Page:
Angela Todd's Reviews > Where Things Come Back

Where Things Come Back by John Corey Whaley
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Feb 19, 12

bookshelves: literature-for-the-adolescent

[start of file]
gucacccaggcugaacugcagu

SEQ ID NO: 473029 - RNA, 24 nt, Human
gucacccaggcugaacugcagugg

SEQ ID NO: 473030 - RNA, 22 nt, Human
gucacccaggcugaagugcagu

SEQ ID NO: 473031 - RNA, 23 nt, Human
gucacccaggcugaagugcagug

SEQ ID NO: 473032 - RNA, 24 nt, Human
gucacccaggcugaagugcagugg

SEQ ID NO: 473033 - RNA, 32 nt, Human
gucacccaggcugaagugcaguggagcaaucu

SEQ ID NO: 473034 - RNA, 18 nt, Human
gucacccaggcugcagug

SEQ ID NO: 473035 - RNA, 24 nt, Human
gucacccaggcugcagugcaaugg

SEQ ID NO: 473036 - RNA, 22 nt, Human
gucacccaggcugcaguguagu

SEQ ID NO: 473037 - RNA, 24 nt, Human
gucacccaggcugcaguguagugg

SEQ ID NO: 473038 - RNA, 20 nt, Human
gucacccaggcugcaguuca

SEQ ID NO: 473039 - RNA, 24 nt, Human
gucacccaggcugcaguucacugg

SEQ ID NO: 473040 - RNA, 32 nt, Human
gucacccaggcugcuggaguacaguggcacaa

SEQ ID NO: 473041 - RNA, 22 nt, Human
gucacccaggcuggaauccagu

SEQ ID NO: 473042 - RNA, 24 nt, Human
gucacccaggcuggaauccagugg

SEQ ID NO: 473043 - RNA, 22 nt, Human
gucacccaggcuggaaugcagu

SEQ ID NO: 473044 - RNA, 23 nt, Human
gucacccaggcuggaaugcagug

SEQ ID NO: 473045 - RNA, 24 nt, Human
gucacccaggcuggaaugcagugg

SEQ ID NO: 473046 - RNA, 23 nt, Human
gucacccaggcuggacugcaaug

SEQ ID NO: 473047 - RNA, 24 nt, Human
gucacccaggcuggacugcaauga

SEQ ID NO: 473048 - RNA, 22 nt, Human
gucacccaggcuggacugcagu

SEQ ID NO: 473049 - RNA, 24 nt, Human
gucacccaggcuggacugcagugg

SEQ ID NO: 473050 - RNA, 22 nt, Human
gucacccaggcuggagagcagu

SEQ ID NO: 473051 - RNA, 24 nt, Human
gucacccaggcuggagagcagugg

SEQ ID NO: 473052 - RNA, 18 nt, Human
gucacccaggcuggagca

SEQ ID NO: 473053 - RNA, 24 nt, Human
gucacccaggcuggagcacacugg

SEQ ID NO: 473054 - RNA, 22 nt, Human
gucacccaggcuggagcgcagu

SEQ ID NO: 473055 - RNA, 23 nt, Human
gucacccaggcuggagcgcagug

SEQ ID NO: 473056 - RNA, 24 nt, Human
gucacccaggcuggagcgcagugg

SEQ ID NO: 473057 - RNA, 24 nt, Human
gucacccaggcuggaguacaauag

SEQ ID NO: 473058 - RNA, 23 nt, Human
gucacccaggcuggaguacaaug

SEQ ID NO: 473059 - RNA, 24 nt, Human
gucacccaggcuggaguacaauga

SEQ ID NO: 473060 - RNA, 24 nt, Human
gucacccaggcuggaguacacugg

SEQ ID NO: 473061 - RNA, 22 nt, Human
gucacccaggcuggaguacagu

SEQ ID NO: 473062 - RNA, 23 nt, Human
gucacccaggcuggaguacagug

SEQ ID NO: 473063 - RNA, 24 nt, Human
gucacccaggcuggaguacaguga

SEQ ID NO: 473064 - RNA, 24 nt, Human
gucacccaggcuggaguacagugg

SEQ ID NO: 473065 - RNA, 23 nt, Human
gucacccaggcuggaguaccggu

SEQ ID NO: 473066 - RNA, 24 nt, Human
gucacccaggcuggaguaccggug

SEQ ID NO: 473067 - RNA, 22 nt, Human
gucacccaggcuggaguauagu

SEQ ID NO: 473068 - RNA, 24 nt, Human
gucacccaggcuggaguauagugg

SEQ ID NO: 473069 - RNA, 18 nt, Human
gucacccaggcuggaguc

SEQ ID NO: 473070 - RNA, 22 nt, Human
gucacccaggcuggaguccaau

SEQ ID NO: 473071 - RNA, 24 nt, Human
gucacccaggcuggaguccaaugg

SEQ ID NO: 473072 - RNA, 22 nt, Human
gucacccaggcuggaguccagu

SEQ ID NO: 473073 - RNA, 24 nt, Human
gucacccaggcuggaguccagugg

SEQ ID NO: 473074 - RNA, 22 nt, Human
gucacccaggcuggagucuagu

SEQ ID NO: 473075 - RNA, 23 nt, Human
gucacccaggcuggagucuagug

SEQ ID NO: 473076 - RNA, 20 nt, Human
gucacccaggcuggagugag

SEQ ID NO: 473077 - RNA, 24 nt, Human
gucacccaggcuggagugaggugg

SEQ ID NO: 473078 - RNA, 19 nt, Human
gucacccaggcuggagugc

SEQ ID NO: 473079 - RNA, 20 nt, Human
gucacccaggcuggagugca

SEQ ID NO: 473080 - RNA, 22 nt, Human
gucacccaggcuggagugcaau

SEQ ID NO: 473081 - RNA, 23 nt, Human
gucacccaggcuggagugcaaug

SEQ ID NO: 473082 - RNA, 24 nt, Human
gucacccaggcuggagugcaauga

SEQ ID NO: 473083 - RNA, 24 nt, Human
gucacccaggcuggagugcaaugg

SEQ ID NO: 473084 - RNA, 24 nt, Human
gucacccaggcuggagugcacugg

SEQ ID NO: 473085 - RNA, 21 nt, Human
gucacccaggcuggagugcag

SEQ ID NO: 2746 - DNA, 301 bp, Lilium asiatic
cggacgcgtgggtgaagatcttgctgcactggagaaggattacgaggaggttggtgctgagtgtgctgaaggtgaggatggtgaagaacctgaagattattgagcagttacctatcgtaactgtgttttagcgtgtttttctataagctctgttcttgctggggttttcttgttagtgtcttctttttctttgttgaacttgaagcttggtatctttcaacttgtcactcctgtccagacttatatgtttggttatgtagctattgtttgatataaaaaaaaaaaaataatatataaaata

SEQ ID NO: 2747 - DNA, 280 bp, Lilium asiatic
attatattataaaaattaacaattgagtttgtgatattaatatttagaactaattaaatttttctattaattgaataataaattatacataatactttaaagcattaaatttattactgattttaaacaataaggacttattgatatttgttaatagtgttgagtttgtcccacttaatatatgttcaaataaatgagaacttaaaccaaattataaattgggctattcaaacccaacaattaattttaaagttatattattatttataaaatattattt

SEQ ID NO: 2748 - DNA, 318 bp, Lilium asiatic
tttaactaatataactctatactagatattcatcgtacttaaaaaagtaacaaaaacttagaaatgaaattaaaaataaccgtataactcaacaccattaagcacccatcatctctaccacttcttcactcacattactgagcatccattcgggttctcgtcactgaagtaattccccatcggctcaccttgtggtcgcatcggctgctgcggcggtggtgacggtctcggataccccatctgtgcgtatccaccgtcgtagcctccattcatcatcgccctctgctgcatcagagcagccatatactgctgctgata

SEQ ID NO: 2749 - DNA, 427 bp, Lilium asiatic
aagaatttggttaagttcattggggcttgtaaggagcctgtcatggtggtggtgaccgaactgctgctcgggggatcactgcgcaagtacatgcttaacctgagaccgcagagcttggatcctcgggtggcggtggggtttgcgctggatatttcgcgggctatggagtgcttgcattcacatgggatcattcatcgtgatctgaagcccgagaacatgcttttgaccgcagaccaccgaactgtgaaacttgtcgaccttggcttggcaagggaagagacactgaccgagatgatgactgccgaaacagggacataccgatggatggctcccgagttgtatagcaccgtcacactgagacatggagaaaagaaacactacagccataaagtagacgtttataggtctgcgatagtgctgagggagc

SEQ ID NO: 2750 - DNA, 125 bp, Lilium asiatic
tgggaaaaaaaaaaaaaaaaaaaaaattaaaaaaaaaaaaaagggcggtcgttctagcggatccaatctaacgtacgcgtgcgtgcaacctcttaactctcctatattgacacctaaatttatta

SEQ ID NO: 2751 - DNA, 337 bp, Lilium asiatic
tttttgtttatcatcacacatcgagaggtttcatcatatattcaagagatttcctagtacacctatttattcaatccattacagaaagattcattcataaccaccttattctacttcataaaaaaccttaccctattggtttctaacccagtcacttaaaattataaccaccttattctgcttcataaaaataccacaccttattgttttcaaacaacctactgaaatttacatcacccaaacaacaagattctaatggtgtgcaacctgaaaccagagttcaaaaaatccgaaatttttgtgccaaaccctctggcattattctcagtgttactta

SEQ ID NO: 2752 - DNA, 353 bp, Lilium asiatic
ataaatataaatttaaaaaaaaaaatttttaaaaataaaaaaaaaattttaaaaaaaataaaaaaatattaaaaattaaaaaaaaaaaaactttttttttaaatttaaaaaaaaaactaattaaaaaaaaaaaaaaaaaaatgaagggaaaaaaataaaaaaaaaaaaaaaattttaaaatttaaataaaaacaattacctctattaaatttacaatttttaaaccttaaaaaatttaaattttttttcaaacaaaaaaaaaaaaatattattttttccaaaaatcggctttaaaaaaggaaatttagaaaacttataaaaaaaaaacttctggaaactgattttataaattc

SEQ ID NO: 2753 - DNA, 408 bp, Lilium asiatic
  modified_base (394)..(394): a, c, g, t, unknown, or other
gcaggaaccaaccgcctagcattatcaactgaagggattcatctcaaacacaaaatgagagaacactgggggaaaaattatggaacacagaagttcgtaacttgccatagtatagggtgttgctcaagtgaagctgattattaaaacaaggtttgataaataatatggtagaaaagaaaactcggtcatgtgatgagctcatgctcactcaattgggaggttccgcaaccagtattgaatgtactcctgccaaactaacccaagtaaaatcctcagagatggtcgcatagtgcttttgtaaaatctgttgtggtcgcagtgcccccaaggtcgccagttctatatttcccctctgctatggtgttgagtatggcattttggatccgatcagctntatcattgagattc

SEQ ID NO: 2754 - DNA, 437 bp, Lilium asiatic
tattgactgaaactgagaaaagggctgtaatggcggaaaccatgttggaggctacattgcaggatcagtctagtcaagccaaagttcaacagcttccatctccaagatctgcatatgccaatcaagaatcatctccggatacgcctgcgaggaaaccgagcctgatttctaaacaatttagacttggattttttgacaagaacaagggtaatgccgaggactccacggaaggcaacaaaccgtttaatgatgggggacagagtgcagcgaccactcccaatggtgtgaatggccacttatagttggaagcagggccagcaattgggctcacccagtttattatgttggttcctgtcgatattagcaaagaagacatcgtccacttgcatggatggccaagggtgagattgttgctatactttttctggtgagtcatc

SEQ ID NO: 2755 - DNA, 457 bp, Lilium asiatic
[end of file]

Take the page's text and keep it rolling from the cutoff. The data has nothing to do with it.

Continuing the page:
"Where Things Come Back" used many great tactics for readers. John Corey Whaley had two different plots that came together at the end of the story. The Lazarus Woodpecker was a lost bird that no one could find, and Gabriel Witter was a lost teenager no one could find who was fascinated by this bird. Cullen Witter, the protagonist who narrates this story from his point-of-view, discovers that life is not easy when his cousin dies, the girl (Ada Taylor) he loves loves someone else, his brother goes missing, and the snobby, visiting, Lazarus woodpecker-obssessed neighbor next door. Even when all these things go wrong, his best friend Lucas Cader and Lucas's girlfriend Mena Prescott are always available to save Cullen Witter. The characters are people the reader can relate to in her life. Just like at the end of the book when it says, "We can learn to love the Mena Prescotts, we can imagine the Russell Quitmans to be zombies, we can fantasize all day long about the Ada Taylors, and we can wish we were more like the Lucas Caders...There will be John Barlings to lead us astray and Oslo Foukes to remind us that maybe we are doing things right after all." Mena was Cullen's best friend's girlfriend who stole Lucas' time, but at the end of the day, she was always there for Cullen. The Russell Quitmans of life are the "other" people that get the opportunity to love the people we love and cannot have. Ada Taylor represents the person we love who choose the Russell Quitmans of life. The Lucas Caders of life are the best friends that will be there to cry with us when we need them but wipe our tears if we just need support. They are the ones that are not afraid to tell us when we are being dumb or to drag us out of our houses to get involved in the community when our brothers are missing. John Barling is the wacky, visiting next door neighbor who leads the community to believe a lie, in this case the reader finds out the Lazarus Woodpecker is not even a real bird, and then to leave without a word. The Oslo Foukes are the troublemaker people who experiment with different ways of getting into trouble and die as a result, giving us a hope that maybe we are doing something right with our life. Whichever people a reader most relates to, the story can be applied. No, all of our brothers are not missing; no, we do not have to identify the body of our dead cousin; no, we do not have to worry about a visitor throwing our lives and our community into whack with a bogus story; and no, we do not all have the drive, the hope, and the faith of Cullen Witter. But, we do have troubles in life, friends like Lucas Cader to help us through them, and the faith that we will soon find what the best decision is for our lives. This book goes into many details about Cullen Witter's life as he tries to find his brother with hope of him being alive. This is a book about the struggles of teenagers and all the petty little problems we complain about every day. This is the story of a seventeen-year-old whose life was twisted and he had to cope with the struggles of life.
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